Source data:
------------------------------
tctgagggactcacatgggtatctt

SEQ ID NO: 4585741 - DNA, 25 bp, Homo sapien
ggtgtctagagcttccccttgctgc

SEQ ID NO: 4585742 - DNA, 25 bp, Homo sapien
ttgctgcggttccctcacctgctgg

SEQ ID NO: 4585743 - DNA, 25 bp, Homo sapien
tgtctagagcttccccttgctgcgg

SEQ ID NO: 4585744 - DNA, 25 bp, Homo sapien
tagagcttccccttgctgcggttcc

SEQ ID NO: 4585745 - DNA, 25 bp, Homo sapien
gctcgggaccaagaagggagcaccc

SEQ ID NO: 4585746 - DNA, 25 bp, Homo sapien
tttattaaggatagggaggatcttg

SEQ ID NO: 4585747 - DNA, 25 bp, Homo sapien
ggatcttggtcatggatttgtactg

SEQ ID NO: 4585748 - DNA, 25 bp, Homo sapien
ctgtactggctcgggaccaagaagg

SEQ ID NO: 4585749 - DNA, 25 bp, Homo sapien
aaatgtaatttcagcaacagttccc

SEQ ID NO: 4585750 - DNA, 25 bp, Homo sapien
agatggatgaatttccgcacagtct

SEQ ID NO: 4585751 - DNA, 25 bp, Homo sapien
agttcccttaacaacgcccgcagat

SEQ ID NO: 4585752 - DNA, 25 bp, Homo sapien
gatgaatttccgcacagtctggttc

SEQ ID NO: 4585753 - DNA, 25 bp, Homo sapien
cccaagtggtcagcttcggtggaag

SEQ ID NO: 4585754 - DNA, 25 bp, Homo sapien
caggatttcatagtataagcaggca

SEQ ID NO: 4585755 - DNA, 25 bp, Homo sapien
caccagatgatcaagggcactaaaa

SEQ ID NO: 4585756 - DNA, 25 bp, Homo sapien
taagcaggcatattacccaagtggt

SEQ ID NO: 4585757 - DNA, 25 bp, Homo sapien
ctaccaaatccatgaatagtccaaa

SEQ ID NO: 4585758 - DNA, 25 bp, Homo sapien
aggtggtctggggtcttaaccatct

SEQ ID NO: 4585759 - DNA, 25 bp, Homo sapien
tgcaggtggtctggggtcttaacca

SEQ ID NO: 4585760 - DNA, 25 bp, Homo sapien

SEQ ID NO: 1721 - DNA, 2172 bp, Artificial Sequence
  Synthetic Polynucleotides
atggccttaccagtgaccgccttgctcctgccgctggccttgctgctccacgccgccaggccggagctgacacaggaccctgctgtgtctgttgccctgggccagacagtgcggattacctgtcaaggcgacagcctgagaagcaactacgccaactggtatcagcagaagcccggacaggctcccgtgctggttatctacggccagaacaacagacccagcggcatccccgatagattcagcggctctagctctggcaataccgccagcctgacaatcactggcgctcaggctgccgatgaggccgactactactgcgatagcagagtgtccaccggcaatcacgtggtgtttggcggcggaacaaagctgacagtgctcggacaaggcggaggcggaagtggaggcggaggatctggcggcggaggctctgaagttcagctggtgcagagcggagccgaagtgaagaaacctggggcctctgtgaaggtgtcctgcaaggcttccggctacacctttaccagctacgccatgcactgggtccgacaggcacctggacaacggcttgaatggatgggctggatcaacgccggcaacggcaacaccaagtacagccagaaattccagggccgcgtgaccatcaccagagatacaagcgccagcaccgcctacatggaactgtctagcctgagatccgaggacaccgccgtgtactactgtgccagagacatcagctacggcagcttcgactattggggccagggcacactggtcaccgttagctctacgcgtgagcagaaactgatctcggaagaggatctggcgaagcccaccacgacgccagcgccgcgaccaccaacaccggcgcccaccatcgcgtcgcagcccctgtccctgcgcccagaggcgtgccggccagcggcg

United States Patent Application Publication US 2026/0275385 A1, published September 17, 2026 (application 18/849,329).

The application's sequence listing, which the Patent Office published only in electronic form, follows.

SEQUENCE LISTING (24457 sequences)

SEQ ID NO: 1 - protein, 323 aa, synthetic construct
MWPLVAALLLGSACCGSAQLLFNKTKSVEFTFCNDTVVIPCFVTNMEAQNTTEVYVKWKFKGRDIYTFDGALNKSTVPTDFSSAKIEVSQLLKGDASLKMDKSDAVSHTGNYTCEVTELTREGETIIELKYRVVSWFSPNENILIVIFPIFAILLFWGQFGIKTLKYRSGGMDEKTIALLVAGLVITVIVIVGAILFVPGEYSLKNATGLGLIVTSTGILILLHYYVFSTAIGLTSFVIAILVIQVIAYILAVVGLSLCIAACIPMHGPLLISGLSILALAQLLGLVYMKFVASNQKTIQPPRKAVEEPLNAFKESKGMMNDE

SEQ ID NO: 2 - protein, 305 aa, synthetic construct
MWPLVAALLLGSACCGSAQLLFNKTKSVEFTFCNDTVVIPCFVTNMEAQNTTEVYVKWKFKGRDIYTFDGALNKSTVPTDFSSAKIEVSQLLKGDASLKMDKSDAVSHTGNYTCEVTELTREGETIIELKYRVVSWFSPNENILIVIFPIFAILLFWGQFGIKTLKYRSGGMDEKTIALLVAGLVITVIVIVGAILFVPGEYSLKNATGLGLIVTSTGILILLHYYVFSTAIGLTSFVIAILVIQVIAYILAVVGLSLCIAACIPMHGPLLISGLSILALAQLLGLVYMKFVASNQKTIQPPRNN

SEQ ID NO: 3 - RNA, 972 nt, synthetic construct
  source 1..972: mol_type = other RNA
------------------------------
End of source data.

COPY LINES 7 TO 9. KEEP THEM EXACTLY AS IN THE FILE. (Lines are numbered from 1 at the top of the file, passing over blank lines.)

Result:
tgtctagagcttccccttgctgcgg

SEQ ID NO: 4585744 - DNA, 25 bp, Homo sapien
tagagcttccccttgctgcggttcc